The Blend, Topside attract student workers at DDS
By Anna Parachkevova, The Dartmouth Staff
Published on Tuesday, May 25, 2004
Editor's note: This is the third in a multi-part series on employment conditions for students at the College.
Thayer Dining Hall, home to several campus dining facilities, is a place for those looking to make money as well as for those looking to spend it.
The Blend and Topside convenience store are two of the most popular spots for student customers, as well as for a disproportionately high number of student employees who choose to work there.
The unequal distribution of student employees within Dartmouth Dining Services stems from student preferences for less work-intensive jobs rather than a product of DDS efforts to match the nature of the work with students' qualifications, employees said.
"They pick that because there is less to do there," full-time DDS employee Joska Reid said. Reid, who is not a student, worked in Topside until he was recently relocated to Food Court.
Tamara Battle '07, who started working for The Blend during the Fall term and was recently promoted to a supervisor's position, said the nature of her job at The Blend is not as demanding as other DDS positions.
"Making smoothies is not all that serious," Battle said. "It doesn't require as much training as other positions in Food Court or Homeplate might, such as working at the grill."
According to Food Court supervisor Christopher Halford, the few students employed at Food Court or Home Plate work only limited hours during the weekend. For example, the dish room in Food Court currently has only one student employee.
Topside and The Blend also have less supervision for student employees. Topside is entirely student-run and The Blend assigns only one full-time employee to work with students.
Tyler Hawkins '07 and Lacy Ferrell '05, who work at The Blend, praised their supervisor as easy to work for.
On the flip side, Topside manager Todd Tattershall had a similar experience with his student employees.
"The general rule is when the place is clean and quiet, I have no problem with them doing work for classes," he said.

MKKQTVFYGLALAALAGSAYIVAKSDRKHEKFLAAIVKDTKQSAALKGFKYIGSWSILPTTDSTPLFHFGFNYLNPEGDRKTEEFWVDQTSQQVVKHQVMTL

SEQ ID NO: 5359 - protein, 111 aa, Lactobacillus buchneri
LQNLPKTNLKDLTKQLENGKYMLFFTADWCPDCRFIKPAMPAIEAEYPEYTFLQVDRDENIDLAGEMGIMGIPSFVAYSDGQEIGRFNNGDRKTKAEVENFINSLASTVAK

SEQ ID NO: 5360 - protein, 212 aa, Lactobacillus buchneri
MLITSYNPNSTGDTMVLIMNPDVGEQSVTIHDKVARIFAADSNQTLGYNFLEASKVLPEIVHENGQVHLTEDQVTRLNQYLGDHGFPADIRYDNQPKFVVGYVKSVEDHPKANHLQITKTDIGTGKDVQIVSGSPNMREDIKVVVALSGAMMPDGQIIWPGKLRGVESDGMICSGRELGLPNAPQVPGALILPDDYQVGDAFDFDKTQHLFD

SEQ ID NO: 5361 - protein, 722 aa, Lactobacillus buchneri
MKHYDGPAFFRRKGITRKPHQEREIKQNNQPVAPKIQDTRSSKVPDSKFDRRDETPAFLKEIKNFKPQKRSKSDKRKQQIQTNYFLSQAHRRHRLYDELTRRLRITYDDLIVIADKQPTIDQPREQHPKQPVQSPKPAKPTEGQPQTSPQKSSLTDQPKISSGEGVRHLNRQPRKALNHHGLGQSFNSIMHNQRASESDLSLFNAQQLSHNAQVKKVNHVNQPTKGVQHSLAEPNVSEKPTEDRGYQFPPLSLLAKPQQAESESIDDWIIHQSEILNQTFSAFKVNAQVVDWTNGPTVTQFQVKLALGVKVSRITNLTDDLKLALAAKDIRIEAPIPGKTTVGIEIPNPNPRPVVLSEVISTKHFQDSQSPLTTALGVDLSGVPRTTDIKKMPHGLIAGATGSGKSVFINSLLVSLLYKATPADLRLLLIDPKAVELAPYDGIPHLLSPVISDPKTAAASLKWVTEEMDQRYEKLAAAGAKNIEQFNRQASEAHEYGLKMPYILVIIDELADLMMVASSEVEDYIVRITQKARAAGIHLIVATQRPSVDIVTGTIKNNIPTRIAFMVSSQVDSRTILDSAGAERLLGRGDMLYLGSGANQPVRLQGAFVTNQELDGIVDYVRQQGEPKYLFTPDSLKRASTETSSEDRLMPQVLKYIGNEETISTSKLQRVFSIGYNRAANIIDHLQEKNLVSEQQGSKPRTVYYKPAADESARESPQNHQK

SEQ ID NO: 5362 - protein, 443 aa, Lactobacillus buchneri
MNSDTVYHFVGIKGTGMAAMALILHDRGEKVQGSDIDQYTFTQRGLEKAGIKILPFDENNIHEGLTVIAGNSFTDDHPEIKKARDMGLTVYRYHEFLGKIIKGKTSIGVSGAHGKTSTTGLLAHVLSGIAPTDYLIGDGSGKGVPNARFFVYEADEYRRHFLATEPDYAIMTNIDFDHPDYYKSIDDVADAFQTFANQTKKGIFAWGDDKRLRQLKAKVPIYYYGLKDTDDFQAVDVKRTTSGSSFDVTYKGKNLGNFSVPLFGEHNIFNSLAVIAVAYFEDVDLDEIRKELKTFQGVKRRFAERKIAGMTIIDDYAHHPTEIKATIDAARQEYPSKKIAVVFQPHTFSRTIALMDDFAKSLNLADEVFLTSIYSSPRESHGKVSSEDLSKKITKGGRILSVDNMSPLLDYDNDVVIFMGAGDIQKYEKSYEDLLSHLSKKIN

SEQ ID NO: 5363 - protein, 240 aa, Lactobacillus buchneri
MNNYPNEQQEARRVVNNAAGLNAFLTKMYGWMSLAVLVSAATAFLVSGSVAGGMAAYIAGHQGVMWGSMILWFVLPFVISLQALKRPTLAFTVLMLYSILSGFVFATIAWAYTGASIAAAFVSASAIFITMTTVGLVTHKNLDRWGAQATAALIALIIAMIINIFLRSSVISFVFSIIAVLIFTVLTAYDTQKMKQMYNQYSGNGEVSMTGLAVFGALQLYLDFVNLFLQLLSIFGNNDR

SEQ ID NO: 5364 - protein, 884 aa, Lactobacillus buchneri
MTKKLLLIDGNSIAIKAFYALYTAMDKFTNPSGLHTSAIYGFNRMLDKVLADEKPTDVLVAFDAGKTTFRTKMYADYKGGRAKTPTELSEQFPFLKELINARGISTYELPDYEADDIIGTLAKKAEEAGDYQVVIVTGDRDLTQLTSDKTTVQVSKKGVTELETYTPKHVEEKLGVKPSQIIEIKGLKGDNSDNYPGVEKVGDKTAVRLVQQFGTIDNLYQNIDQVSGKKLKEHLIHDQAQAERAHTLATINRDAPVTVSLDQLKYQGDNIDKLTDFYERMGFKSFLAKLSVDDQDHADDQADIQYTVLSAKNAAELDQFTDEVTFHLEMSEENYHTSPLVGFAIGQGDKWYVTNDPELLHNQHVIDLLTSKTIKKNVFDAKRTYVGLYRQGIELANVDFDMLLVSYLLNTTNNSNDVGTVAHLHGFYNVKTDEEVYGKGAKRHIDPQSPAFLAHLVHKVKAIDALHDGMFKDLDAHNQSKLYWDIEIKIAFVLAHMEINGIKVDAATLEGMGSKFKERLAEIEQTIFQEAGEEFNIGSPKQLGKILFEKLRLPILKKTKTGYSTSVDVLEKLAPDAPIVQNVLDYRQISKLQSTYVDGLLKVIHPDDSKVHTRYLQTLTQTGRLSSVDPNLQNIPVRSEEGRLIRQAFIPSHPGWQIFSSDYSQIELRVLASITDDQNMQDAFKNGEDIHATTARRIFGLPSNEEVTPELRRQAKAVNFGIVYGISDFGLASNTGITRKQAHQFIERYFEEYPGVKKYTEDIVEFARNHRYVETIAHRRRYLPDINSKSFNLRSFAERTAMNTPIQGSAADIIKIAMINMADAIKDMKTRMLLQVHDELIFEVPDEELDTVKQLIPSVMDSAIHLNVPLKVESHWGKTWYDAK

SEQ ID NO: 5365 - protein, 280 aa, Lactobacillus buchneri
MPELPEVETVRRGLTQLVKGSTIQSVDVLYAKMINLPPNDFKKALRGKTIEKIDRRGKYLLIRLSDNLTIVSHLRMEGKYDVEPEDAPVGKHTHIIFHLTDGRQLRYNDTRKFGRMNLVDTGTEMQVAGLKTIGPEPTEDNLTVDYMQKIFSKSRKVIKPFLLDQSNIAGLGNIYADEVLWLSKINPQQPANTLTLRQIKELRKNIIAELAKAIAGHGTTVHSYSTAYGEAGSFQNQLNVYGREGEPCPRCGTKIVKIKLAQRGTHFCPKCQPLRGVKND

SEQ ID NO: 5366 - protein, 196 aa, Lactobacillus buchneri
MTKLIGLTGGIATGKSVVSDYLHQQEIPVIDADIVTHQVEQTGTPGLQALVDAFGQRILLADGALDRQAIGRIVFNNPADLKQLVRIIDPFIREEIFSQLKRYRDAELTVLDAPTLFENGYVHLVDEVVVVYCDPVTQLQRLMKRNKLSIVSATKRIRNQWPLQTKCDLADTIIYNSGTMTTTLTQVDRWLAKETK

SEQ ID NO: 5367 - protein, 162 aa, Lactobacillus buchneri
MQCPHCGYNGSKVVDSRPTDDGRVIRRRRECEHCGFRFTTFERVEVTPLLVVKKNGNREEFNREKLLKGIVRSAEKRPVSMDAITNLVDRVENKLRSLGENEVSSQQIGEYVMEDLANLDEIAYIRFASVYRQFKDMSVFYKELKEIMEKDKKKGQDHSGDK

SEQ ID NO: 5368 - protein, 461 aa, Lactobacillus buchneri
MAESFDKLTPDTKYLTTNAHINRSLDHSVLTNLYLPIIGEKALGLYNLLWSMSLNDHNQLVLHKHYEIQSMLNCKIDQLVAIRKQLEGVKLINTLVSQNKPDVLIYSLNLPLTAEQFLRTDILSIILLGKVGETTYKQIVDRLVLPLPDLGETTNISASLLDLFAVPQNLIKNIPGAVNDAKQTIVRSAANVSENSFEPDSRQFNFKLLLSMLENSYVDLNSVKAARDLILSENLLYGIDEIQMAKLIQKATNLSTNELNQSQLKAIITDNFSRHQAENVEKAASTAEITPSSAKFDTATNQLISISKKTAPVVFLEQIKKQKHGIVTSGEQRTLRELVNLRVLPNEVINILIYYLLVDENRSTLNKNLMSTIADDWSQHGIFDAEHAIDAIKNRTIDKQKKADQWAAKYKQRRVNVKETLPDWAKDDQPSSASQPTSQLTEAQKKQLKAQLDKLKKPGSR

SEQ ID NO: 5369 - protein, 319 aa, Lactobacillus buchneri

All DDS student employees enjoy the benefits of higher pay than most on-campus jobs. Meal plan discounts and access to free food add to the list of bonuses.
While Topside don't receive free good, they do benefit from studying time in a relaxed atmosphere and dress code compared to other DDS jobs.
But despite more lenient dress codes there, many student employees still wear the green T-shirts with DDS embroidered on them.
Most student employees cited making money as the most important reason for working for dining services.
For some, the slightly higher wages have lured them to choose that job as opposed to sitting in an air-conditioned office, making copies or checking out books at the library.
Most students interviewed by The Dartmouth said they use the money they have saved to cover tuition costs, or pay for plane tickets home.
"I work so I wouldn't have to feel guilty and ask my parents for money every time I want to go out, or buy something," DDS employee Tami Fay '07 said.
Within DDS, more experience and later hours usually mean higher pay. Student supervisors can get as much as $9.25 per hour.
DDS student employees said their interactions with student customers are mostly free of tension.
Ferrell, a Blend employee, identified a single occasion during which a student customer insisted that her smoothie cup be filled all the way to the top.
"But, otherwise, people are pretty happy with the service ... and the Island Freeze seems to be everyone's favorite," Ferrell said.